Windows security is a good gig. (Picture from BuyersMLS, which has many other old TV mash-ups.)
Both have risen to prominence based on proprietary models and deep, rare expertise. Knowledge about data security and anti-viral technology is closely guarded.
I was able to study a rival of both companies last year, and without giving anything away there's no magic here.
It takes time and money to research threats as they appear, but much of that work takes place online, in chat rooms, on mailing lists, and in e-mail connections with customers.
The myth these companies sell is that secrecy is integral to the business. If everyone knew how to write viruses everyone would, so all knowledge of this world must be kept close.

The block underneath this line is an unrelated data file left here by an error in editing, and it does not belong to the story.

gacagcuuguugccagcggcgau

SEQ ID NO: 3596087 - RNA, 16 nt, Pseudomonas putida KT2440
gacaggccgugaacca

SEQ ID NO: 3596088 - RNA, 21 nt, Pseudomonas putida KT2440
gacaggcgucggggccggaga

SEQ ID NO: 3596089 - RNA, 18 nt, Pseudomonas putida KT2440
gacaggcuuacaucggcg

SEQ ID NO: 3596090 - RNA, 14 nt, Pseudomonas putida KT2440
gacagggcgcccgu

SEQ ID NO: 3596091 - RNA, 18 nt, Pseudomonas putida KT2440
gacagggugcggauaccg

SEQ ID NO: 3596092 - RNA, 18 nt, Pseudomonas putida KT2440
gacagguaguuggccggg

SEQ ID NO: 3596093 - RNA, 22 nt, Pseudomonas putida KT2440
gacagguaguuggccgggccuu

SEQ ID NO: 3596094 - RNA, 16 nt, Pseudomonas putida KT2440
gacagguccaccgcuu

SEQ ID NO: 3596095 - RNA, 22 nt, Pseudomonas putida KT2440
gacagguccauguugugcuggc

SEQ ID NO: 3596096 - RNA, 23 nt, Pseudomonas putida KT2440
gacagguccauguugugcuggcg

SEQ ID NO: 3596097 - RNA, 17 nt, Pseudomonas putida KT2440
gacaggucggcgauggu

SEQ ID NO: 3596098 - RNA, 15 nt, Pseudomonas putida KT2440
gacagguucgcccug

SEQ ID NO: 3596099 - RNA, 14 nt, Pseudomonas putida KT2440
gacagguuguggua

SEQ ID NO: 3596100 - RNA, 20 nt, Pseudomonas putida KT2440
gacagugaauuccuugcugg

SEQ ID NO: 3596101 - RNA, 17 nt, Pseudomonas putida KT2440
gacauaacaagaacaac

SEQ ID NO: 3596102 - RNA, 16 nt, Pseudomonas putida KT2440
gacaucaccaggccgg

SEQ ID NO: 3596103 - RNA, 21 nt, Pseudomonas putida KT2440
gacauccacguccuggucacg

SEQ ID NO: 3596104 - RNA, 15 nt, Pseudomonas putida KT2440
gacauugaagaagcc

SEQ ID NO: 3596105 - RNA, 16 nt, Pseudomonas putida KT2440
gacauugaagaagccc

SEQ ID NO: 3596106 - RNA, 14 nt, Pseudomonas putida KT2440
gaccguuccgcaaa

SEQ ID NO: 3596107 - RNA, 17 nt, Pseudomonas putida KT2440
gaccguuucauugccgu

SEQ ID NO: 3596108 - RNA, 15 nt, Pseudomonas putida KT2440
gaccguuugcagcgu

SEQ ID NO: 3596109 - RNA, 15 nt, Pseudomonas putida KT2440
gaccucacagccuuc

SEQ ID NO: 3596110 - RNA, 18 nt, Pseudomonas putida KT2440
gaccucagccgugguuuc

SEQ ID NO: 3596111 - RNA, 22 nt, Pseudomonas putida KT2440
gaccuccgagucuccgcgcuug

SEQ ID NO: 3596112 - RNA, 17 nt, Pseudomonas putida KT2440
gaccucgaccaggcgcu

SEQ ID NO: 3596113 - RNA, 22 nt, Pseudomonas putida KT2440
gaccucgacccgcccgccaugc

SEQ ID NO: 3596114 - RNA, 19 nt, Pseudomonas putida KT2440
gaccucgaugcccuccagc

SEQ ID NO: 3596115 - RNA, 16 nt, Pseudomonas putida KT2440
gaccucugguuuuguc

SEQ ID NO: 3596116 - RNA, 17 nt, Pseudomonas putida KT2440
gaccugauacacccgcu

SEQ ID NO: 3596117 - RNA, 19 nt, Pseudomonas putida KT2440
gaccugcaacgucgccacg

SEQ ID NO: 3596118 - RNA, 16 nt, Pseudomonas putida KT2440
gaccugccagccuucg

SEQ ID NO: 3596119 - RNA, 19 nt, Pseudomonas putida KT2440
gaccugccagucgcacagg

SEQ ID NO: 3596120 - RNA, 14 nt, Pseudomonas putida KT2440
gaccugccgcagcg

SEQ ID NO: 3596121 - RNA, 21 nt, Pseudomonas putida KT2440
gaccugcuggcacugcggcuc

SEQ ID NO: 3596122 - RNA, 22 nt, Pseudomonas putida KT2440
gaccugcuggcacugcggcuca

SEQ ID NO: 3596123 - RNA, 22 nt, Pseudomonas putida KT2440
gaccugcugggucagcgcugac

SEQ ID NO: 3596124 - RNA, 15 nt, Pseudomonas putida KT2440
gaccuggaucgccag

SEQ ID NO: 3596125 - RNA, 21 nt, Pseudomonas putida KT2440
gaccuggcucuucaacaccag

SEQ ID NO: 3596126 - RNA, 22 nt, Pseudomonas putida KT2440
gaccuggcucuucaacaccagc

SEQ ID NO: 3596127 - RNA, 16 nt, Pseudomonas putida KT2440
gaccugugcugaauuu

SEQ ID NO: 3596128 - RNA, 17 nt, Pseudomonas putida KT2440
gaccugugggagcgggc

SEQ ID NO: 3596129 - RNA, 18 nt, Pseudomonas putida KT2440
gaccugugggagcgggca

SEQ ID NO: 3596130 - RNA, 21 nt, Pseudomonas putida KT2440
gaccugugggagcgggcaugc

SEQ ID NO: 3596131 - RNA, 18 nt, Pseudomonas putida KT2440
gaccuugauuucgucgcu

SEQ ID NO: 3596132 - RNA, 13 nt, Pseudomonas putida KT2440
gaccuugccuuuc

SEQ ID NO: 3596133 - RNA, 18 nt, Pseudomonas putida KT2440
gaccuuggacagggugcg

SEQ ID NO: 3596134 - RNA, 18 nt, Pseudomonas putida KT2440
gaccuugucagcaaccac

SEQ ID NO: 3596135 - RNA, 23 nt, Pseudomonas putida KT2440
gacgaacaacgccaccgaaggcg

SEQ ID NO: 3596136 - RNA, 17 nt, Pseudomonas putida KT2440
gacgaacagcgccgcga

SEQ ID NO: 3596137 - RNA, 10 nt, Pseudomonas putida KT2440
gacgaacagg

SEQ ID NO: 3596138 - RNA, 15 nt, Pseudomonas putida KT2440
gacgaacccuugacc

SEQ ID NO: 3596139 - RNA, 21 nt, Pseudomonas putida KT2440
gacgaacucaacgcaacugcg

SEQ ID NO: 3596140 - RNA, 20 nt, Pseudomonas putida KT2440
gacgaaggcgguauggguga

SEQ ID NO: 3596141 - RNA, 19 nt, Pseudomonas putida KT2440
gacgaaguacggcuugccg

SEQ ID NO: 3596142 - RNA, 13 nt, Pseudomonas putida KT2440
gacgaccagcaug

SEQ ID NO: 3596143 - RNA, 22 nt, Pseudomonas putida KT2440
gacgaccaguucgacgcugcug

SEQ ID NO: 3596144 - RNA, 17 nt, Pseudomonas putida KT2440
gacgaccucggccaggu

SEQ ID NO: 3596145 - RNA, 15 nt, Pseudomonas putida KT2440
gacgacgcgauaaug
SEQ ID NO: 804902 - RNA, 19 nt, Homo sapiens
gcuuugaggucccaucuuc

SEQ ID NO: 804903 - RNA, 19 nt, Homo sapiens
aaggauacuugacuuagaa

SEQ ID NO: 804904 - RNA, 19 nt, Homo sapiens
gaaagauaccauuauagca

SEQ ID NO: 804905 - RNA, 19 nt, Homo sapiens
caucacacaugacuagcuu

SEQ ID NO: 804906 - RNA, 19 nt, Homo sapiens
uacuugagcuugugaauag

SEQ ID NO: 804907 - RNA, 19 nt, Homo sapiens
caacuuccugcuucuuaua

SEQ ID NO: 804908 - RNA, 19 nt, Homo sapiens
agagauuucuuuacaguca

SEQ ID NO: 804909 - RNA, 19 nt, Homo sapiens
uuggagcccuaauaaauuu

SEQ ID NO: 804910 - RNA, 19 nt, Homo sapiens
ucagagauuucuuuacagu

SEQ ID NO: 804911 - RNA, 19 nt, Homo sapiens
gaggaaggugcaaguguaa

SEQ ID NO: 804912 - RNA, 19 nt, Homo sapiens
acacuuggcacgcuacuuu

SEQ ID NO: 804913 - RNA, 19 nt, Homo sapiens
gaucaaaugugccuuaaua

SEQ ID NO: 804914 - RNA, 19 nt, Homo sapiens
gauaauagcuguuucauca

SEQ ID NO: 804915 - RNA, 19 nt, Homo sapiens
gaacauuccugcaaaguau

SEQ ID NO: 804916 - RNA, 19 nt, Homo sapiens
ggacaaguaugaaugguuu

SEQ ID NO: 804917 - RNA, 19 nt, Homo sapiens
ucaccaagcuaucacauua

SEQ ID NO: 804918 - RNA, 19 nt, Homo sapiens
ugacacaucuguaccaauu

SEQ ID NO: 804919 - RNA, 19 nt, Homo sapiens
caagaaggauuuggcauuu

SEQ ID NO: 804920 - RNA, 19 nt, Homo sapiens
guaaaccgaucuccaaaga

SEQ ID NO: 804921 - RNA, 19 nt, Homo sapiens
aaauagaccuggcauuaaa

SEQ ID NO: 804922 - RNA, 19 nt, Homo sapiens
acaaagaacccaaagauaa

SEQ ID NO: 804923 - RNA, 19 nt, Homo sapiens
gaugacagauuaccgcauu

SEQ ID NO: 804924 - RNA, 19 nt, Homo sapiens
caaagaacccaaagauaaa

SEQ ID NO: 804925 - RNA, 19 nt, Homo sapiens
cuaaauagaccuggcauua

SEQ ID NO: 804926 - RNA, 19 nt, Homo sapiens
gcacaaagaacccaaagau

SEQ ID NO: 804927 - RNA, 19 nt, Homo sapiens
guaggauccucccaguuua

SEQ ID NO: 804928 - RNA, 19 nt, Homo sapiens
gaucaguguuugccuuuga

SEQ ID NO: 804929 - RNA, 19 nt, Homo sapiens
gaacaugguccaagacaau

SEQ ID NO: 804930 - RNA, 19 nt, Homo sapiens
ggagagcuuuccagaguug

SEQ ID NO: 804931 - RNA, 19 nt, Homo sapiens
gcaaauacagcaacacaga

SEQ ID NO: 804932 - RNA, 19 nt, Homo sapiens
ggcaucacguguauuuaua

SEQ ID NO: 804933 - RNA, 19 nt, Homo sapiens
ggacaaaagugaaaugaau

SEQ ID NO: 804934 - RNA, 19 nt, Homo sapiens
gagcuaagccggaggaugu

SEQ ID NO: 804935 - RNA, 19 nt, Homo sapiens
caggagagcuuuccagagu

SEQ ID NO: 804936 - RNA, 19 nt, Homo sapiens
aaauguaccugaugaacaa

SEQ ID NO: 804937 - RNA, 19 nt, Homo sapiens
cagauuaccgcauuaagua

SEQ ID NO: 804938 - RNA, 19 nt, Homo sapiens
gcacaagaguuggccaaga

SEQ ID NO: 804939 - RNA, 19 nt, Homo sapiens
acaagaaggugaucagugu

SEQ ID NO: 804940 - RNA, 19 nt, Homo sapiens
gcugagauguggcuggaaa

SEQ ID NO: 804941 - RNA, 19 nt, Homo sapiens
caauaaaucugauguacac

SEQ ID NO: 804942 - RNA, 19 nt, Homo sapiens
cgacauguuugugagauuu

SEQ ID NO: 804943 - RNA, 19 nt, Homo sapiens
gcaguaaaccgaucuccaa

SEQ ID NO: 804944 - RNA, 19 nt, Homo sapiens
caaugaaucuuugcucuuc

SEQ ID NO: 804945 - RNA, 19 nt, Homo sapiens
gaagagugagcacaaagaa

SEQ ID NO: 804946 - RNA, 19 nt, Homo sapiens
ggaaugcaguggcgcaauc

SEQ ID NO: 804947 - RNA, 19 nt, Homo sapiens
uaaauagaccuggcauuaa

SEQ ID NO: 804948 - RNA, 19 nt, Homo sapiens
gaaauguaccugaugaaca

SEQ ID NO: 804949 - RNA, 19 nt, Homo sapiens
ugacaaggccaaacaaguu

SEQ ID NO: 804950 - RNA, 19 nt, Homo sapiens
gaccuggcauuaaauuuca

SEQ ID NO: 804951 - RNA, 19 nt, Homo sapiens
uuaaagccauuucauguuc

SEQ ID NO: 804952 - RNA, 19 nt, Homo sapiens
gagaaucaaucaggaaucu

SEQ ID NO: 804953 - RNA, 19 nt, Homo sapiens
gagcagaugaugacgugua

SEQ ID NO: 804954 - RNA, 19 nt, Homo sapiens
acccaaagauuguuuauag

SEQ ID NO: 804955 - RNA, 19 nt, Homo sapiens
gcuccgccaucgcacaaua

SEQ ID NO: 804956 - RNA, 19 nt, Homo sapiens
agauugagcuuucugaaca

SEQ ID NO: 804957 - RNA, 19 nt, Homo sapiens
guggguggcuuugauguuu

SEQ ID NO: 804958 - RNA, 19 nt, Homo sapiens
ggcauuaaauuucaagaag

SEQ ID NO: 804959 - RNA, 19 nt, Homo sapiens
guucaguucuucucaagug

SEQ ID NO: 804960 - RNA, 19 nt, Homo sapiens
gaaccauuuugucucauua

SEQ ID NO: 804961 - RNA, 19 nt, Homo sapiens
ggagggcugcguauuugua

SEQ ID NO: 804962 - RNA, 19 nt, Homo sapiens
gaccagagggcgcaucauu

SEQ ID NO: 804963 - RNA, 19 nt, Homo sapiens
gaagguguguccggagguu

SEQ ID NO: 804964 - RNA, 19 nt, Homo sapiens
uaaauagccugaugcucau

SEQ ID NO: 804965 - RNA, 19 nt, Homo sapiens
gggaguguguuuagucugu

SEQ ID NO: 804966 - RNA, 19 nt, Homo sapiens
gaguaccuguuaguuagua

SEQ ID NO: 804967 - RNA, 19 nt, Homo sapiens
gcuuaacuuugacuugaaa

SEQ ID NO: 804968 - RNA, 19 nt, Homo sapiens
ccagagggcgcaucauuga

But cops-and-robbers isn't a secret game, either online or in real life. Neighborhood watches, an alert citizenry, community interaction -- these are the best tools for cutting crime in the real world. And the online world as well.
So why the Joe Friday "Dragnet" routine? Self-interest. If the community were organized to meet the security challenge, as it is other challenges, the challenge might be met.
And where would that leave the security guys? Instead of looking like heroic FBI agents or Men in Black they'd be seen as security guards, fat asses behind desks, looking at monitors all day.
They're not really Joe Friday at all, it turns out. They're Barney Fyfe.
Can't have that.
But get behind the curtain and that's what you'll see. So the best tactic, from a business sense, is to keep you from doing that, to claim that's risky, and that open source knowledge, rather than secrecy, is the real threat.
That's the only way to justify the market premium we place on closed source security, with every renewal check we write.